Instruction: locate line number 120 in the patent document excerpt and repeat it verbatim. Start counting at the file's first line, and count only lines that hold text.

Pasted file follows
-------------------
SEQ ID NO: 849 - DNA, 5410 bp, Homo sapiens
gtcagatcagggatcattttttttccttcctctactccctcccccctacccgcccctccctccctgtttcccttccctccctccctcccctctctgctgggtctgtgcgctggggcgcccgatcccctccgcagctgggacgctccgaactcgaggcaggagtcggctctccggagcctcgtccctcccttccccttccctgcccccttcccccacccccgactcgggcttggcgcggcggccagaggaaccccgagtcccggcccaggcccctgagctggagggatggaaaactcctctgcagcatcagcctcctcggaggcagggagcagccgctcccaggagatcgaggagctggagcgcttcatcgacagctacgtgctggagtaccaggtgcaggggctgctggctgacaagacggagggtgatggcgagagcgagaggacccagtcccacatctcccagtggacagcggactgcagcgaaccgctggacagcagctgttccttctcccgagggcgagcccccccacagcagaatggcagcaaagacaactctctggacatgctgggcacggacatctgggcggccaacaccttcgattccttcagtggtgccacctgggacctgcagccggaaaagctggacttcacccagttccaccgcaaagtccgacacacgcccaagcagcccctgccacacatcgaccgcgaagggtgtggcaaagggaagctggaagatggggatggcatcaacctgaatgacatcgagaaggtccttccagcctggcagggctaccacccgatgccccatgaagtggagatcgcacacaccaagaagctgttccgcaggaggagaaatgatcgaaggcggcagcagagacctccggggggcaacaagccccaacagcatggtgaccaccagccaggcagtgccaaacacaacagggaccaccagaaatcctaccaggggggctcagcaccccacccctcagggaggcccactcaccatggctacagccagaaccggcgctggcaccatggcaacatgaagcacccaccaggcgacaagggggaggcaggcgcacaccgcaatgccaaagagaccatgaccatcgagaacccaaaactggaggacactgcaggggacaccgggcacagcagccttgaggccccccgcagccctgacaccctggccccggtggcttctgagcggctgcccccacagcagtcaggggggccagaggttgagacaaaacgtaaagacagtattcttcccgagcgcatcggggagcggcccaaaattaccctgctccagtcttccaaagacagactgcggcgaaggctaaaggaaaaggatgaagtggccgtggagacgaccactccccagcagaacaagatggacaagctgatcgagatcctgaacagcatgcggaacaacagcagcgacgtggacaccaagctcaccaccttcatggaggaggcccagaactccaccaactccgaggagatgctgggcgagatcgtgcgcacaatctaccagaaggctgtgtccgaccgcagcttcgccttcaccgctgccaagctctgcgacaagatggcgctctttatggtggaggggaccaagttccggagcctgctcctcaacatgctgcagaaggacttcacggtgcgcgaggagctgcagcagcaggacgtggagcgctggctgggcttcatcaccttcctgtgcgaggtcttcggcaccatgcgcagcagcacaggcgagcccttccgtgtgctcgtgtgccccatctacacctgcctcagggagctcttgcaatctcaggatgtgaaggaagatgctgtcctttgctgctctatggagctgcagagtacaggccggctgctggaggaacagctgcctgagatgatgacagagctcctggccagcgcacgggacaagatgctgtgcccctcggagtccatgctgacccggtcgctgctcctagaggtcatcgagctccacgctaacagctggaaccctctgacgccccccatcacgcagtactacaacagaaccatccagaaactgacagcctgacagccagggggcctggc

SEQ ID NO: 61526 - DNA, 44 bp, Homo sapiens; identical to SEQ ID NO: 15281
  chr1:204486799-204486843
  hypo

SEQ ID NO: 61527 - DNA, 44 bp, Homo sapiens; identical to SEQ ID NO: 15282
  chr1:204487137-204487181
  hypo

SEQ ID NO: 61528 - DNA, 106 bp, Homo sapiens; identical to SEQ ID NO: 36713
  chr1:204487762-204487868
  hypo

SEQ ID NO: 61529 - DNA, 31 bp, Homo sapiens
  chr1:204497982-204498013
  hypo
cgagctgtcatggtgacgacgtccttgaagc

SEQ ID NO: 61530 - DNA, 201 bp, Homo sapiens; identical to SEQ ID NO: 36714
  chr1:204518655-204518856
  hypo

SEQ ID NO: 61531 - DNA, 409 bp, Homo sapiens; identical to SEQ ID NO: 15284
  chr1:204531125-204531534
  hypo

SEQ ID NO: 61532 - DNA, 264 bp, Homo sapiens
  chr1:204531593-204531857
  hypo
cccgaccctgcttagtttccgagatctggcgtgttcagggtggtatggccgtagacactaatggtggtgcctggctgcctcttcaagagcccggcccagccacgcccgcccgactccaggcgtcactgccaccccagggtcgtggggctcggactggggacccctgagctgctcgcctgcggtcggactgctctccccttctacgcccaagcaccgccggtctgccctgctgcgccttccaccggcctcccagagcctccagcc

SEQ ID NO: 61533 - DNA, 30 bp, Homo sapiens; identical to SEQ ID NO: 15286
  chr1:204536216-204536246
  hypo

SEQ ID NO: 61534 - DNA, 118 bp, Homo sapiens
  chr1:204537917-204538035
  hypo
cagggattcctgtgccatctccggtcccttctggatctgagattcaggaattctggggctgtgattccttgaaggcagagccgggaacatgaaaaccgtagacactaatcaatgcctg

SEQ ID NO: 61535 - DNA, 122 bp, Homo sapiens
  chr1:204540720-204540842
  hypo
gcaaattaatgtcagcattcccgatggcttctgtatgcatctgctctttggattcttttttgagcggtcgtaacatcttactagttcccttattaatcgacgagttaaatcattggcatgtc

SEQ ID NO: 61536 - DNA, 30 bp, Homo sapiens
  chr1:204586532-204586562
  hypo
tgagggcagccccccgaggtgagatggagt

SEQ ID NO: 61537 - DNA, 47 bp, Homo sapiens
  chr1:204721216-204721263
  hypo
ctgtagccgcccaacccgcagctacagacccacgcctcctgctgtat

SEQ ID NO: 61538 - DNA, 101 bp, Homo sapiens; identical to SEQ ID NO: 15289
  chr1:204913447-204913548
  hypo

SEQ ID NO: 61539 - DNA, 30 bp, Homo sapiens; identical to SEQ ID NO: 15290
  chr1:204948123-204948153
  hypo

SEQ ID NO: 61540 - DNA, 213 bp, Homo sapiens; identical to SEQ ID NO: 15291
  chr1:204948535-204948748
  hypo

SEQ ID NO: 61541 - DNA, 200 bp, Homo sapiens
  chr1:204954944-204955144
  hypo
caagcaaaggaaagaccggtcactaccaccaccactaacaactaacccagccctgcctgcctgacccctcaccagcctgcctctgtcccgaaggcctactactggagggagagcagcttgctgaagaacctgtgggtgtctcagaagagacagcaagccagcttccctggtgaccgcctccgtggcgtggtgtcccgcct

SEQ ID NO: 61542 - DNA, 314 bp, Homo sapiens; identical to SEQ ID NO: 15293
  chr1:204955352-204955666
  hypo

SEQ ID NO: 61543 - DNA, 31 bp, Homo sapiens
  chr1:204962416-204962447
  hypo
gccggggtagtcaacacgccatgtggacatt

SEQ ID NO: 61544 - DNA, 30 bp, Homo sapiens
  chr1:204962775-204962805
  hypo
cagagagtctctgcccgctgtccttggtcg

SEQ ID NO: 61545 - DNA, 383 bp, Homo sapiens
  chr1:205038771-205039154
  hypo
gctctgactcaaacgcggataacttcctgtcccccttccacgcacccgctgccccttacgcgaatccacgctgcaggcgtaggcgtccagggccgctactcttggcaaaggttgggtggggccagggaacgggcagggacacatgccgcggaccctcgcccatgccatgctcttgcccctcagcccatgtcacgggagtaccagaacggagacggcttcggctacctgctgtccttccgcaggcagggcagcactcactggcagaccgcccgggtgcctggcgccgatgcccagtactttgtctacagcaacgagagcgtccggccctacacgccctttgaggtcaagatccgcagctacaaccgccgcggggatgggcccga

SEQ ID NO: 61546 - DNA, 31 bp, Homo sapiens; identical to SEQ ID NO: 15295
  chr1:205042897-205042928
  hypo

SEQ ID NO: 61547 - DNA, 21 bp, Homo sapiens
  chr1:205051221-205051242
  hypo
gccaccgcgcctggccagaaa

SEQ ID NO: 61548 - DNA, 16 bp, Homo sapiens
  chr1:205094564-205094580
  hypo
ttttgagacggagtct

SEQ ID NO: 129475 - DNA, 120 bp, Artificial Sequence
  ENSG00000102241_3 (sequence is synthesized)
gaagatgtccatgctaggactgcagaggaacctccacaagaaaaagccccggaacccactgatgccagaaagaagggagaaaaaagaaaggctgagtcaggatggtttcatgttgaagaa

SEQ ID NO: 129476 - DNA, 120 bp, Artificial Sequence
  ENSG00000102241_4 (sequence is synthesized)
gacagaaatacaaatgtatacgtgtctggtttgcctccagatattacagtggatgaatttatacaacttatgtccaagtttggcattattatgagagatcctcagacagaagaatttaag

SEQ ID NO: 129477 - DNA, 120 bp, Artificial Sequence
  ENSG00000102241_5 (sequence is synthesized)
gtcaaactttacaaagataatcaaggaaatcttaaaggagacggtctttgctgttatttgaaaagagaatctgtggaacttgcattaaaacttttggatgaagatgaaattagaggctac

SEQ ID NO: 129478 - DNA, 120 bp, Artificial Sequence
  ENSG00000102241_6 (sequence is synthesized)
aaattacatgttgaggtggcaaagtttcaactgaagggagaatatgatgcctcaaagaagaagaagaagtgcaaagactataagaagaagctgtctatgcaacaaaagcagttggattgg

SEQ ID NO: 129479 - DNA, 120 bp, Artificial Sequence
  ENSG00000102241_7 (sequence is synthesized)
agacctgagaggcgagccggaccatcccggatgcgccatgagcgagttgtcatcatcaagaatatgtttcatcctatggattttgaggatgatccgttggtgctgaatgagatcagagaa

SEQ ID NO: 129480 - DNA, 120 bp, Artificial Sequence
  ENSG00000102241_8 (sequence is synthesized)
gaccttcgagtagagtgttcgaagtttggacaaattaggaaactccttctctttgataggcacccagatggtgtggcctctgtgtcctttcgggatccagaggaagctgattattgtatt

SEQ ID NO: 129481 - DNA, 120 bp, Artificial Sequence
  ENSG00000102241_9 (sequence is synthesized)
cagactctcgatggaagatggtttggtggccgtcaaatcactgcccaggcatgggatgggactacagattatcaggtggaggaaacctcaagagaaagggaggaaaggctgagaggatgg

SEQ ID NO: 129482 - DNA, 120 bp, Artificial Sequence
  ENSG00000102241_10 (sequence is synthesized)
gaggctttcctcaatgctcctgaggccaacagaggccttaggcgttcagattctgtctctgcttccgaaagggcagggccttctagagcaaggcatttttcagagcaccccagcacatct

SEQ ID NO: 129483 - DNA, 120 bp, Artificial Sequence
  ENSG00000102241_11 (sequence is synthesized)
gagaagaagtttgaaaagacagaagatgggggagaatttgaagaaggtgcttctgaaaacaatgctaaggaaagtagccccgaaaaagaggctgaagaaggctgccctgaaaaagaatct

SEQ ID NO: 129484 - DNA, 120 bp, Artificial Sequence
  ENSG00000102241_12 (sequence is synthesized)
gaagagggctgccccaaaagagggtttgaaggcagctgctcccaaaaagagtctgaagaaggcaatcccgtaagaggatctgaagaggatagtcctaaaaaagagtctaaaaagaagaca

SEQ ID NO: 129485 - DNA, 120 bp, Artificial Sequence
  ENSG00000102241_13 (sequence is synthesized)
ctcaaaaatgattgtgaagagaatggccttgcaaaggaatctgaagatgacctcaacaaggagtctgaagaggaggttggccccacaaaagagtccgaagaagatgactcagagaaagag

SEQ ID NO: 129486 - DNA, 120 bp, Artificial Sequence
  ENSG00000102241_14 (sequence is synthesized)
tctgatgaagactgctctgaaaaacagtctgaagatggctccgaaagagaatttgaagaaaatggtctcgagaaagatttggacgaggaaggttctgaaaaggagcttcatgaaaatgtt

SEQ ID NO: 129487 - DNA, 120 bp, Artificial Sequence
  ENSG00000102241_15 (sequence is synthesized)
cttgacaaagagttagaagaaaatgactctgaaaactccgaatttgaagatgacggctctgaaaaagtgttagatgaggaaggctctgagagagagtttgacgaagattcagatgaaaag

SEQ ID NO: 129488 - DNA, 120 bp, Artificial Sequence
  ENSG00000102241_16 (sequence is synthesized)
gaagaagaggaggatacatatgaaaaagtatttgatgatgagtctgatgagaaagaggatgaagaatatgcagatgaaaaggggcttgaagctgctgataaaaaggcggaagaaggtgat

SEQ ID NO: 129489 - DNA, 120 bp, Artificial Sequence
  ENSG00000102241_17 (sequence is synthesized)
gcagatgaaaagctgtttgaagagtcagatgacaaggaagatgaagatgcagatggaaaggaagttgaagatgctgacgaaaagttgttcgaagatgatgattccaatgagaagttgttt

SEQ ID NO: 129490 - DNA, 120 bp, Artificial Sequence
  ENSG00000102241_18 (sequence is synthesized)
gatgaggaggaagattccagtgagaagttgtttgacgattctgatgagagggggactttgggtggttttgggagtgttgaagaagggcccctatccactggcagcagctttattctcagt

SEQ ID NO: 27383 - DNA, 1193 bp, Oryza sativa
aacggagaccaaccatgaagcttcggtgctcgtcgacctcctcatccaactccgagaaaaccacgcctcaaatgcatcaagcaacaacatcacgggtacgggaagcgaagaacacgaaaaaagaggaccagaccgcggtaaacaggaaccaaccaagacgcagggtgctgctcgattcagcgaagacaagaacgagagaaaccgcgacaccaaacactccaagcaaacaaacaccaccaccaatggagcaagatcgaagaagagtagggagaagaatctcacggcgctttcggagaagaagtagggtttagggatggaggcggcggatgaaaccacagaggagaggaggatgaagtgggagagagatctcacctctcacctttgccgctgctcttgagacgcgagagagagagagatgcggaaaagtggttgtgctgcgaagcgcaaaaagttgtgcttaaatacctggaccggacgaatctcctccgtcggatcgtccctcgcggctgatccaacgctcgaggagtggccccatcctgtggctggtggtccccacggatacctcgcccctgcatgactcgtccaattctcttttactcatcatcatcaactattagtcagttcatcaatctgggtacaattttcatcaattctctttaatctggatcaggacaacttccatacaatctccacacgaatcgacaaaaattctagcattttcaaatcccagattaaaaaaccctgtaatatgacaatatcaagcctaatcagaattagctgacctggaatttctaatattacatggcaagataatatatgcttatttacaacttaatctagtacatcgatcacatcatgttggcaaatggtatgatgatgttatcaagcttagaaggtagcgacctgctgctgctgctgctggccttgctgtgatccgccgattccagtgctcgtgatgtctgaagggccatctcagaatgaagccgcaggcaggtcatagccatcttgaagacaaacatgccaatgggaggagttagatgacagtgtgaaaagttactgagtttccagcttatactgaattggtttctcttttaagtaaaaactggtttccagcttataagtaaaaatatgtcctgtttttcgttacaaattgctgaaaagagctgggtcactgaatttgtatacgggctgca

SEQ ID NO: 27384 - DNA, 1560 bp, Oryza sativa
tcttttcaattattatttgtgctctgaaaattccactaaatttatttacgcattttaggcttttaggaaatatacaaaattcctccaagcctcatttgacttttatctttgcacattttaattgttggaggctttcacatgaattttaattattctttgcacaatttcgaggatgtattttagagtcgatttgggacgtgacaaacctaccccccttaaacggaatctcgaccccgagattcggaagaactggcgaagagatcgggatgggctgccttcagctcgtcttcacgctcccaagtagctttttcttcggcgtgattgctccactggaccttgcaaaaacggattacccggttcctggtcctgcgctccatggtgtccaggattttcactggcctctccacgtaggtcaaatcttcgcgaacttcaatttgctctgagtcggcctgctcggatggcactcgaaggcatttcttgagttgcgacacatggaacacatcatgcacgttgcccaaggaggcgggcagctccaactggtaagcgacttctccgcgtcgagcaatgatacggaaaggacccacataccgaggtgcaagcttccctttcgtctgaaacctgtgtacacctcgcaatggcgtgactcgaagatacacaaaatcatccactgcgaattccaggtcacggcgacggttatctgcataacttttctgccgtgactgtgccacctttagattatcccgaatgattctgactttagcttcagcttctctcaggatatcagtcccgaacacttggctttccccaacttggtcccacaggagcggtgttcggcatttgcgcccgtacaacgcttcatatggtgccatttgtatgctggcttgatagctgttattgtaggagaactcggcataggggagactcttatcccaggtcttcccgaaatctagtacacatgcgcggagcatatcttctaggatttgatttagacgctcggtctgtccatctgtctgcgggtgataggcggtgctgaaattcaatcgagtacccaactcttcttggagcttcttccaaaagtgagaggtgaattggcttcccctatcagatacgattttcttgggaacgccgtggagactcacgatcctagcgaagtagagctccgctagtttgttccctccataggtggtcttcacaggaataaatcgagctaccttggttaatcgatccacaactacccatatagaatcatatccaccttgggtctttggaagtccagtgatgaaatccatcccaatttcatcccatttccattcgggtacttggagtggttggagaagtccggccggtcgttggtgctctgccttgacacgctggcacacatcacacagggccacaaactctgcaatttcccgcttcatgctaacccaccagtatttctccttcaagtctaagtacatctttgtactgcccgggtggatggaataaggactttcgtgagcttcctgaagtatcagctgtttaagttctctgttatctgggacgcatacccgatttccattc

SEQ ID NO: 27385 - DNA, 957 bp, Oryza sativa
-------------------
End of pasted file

SEQ ID NO: 129487 - DNA, 120 bp, Artificial Sequence